As a personal trainer here in Bellingham for the past ten years, I have seen and experienced what does — and does not — work for clients who want to improve their health. Most people come to me with a goal in mind, but have no idea on how to achieve it. Any health-related goal can be achieved by making a few small changes, planning ahead and accepting the fact that there are no quick fixes or short cuts.
First start by taking a balanced approach, which means that you need both physical activity and appropriate nutrition. The best method to improve your overall physical health is to incorporate activities that develop your core strength, balance, stability, stamina, muscle coordination and agility. Sometimes people become focused on one activity, like running or golf, and they think that this gives them a much broader range of fitness than they actually have. However, after only one personal training session that includes a whole-body workout, they are often surprised at how underdeveloped some areas of their body have become. Combining activities makes for a more balanced approach.

Nutritional habits need to start with small changes that you can build upon, as this approach is much more likely to last. If weight loss is your goal, start by reducing just starches (rice, pasta, potatoes, beans and breads) from your dinner meal. These kinds of carbohydrate calories digest quickly and can spike insulin, and most of us are not likely to need these energy-packed calories so late in the day. Once you get used to doing this for a week or two, it will get much easier, and you can begin making other small adjustments one at a time.

It is important to understand how to make changes that last, and how to form new habits. This process involves a three-step cycle which includes a cue, a routine and a reward. For example, my goal is to become more flexible by stretching every day. My cue is the time of 7:30 p.m. when Jeopardy starts every evening. My routine is to get onto the floor and stretch for thirty minutes. My reward is how good I feel afterward by the huge release of tension from tight muscles, which feels really nice when I get into bed to read and relax. A good book that explains how to recognize bad habits and form new ones is The Power of Habit by Charles Duhigg.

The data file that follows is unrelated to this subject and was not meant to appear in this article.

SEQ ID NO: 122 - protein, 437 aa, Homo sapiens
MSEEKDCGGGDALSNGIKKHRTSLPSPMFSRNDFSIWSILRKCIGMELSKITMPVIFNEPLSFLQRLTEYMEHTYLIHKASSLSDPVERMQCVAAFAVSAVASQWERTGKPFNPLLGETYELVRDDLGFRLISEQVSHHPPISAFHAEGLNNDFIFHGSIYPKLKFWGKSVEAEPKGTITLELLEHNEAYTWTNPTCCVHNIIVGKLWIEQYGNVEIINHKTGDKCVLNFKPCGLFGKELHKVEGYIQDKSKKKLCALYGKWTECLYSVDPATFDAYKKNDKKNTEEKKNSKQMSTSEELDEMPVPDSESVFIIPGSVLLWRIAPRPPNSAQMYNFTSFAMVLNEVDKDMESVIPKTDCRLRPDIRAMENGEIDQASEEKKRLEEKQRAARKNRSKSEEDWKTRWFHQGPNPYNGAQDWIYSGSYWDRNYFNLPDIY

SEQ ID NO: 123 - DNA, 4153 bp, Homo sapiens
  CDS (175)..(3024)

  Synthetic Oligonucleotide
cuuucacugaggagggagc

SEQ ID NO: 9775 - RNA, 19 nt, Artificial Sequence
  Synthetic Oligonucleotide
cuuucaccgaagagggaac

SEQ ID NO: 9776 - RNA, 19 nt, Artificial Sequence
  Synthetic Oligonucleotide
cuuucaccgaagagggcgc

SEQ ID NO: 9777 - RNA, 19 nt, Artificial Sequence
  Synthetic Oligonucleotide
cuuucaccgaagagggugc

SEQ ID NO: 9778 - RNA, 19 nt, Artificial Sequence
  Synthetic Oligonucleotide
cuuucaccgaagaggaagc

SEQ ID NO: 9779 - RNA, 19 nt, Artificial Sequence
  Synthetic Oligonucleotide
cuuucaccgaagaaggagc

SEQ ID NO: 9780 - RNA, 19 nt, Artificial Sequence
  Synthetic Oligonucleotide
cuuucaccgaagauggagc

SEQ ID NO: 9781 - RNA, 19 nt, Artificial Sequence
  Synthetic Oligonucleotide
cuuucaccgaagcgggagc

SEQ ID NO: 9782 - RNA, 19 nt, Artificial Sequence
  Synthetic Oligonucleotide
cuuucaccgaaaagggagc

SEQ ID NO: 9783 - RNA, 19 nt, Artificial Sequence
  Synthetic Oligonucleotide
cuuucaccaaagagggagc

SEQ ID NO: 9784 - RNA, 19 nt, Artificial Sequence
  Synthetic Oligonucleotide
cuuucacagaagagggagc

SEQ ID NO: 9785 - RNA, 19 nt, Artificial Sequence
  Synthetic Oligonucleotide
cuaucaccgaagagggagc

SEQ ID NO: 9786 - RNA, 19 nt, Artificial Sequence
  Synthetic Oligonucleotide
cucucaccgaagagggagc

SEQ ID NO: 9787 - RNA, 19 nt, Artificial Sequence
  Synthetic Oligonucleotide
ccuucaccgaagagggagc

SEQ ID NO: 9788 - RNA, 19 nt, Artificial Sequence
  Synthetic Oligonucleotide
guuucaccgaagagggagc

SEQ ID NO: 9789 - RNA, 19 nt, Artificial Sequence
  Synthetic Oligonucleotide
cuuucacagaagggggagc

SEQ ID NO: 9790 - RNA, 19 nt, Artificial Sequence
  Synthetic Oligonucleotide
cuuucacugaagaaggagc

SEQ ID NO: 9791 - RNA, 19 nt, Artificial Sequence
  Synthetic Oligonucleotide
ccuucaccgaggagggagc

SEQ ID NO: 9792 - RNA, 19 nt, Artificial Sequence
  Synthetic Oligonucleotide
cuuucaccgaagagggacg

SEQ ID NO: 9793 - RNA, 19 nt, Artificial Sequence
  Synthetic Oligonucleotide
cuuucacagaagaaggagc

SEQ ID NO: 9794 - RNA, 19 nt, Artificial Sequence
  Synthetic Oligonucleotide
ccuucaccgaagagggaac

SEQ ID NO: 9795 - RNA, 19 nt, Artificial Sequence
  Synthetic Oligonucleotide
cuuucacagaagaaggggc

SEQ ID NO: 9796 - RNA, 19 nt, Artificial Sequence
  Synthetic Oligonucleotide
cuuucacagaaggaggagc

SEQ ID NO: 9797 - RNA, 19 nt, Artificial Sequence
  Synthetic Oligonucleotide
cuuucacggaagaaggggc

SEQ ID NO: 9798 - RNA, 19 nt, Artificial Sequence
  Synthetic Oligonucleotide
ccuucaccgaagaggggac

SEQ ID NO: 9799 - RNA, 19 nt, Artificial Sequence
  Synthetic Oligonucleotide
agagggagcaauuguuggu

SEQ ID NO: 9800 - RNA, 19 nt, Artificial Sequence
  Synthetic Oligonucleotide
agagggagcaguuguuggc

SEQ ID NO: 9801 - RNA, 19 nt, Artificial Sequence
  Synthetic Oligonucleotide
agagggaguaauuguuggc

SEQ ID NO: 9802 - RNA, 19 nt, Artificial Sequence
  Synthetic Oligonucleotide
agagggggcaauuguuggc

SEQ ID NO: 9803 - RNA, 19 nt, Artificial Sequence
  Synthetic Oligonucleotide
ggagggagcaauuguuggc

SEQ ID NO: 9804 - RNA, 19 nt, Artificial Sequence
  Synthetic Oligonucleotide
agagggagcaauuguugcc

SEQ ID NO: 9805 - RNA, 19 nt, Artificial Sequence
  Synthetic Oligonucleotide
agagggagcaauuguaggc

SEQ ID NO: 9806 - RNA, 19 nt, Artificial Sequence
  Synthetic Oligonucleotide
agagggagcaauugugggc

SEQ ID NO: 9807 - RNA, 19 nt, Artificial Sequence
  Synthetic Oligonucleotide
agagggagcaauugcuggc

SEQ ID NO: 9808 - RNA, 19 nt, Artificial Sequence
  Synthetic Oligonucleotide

Planning ahead is another essential component to success. If you spend just ten minutes writing up a week’s worth of lunch and dinner meals, you will be much more likely to stick to these options and not make hasty, bad choices. There are great resources out there for helping with this: Clean Eating Magazine is one of my favorites — it contains several good ideas on putting together healthy, but good-tasting snacks, meals, and even desserts, and has a two-week menu planner with a shopping list included.

Any challenging long-term goal takes patience and hard work. You must accept that there is no quick fix, and that the road to change may be a bit uncomfortable. Whether you are doing an aerobic activity or using weights, your body naturally experiences some discomfort. With persistent effort you will feel like a stronger, better person for pushing through the challenge and this sense of accomplishment will become very rewarding, and will help motivate you to continue.

The most successful clients that I’ve trained accepted that equal effort is required toward both physical activity and nutritional habits, were patient about seeing results, and fell in love with how physically and emotionally strong they began to feel about reaching their goals, big or small.

"Nutritional habits need to start with small changes that you can build upon, as this approach is much more likely to last."